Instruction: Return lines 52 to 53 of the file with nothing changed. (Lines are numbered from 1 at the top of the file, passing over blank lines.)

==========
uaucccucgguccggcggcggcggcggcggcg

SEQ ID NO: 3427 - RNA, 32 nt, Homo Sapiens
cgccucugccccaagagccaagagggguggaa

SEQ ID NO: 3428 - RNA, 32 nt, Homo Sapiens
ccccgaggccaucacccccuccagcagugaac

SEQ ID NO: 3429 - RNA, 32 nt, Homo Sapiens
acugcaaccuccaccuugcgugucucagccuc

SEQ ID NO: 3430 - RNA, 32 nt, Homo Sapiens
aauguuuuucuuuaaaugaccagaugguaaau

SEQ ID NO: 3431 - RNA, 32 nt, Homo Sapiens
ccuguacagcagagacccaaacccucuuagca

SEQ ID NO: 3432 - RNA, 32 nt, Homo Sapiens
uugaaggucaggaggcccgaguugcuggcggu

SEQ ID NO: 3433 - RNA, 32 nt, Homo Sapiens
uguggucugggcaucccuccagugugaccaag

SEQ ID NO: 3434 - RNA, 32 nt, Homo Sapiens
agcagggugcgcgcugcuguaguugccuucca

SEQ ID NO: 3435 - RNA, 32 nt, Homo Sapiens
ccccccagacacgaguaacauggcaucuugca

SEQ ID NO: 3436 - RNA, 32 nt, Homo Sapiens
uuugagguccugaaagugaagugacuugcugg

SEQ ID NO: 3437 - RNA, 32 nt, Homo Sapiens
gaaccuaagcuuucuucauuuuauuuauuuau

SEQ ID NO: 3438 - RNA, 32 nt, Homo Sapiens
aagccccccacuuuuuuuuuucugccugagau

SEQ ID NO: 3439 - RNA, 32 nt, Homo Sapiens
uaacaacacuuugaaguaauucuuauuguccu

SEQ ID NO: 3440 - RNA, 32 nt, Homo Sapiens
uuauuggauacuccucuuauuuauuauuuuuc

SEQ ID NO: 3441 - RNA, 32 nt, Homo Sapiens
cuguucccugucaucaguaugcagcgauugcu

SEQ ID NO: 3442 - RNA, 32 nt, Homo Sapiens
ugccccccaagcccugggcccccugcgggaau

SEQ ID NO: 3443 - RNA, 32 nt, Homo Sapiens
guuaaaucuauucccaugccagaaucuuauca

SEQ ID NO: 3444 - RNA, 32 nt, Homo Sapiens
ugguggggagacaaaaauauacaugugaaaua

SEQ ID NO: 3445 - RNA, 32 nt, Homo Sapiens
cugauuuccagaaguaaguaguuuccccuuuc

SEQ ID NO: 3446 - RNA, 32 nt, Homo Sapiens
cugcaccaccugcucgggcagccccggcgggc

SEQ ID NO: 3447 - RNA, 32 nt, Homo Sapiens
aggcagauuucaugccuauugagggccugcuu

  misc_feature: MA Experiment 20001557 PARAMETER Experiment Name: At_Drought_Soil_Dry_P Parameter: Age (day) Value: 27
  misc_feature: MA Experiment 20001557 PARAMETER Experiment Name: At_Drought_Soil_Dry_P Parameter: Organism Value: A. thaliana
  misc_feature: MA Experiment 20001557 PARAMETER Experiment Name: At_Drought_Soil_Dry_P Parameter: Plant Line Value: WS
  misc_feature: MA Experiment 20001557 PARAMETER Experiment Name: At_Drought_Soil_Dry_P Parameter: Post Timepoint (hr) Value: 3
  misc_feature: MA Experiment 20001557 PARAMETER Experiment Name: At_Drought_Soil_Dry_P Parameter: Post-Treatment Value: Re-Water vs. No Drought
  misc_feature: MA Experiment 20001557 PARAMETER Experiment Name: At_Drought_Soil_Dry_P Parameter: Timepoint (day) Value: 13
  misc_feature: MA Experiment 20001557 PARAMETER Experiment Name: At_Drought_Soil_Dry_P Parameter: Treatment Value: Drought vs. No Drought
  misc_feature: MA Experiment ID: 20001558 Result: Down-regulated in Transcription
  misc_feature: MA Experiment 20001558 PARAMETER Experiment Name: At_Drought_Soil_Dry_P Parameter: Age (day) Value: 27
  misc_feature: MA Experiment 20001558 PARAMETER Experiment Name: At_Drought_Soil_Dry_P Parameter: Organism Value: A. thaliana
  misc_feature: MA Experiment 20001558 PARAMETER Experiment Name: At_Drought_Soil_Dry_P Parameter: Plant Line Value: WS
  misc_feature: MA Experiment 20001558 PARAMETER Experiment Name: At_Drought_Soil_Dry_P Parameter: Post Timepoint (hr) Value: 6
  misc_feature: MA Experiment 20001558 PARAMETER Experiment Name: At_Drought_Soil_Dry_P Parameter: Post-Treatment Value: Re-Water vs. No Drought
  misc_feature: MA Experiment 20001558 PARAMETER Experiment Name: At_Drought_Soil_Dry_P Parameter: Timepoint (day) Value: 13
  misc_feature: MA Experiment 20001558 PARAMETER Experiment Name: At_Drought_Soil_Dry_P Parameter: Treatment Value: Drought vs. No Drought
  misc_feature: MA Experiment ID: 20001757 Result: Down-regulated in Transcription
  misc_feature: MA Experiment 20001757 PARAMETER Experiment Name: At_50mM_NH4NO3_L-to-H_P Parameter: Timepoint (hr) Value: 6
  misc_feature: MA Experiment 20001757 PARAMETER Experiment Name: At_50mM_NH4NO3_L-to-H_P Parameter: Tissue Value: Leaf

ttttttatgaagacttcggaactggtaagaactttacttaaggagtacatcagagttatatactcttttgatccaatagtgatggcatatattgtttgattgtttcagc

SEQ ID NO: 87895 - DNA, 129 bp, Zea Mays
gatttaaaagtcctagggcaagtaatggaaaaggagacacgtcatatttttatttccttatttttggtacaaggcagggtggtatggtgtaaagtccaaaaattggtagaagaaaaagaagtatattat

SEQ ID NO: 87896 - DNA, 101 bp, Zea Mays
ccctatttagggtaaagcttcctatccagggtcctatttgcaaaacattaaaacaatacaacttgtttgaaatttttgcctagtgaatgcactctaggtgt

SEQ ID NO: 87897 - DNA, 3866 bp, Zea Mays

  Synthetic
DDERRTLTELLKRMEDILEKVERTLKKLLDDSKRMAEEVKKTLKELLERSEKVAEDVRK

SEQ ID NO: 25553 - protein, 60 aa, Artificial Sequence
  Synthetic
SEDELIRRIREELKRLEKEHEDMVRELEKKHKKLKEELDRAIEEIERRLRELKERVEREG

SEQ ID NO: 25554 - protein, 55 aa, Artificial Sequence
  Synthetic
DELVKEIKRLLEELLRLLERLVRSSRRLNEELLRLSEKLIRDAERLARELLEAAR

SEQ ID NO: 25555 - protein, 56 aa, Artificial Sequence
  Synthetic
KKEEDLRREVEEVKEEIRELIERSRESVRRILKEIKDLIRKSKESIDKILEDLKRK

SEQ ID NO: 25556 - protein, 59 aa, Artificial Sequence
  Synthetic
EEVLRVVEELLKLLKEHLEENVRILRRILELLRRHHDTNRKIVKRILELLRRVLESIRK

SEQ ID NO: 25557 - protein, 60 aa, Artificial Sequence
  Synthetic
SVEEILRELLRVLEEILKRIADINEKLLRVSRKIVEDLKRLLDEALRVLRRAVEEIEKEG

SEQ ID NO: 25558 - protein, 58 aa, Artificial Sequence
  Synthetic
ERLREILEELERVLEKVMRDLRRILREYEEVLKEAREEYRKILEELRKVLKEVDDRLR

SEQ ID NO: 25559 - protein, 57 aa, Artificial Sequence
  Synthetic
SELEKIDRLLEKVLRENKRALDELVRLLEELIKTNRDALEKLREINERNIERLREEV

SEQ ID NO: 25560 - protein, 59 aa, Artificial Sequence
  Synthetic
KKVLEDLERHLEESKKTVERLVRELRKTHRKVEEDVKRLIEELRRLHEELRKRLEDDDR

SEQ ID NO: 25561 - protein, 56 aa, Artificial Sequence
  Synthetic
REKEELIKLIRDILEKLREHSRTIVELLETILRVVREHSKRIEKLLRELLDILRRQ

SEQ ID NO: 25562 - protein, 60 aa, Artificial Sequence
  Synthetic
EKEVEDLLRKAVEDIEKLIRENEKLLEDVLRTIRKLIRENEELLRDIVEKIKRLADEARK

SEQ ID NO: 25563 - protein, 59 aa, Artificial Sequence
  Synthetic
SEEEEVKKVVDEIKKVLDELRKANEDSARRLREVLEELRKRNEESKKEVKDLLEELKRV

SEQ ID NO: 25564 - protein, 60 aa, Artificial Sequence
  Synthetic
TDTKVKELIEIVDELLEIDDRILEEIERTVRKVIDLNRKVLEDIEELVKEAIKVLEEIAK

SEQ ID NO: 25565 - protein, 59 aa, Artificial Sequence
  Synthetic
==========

  misc_feature: MA Experiment 20001558 PARAMETER Experiment Name: At_Drought_Soil_Dry_P Parameter: Age (day) Value: 27
  misc_feature: MA Experiment 20001558 PARAMETER Experiment Name: At_Drought_Soil_Dry_P Parameter: Organism Value: A. thaliana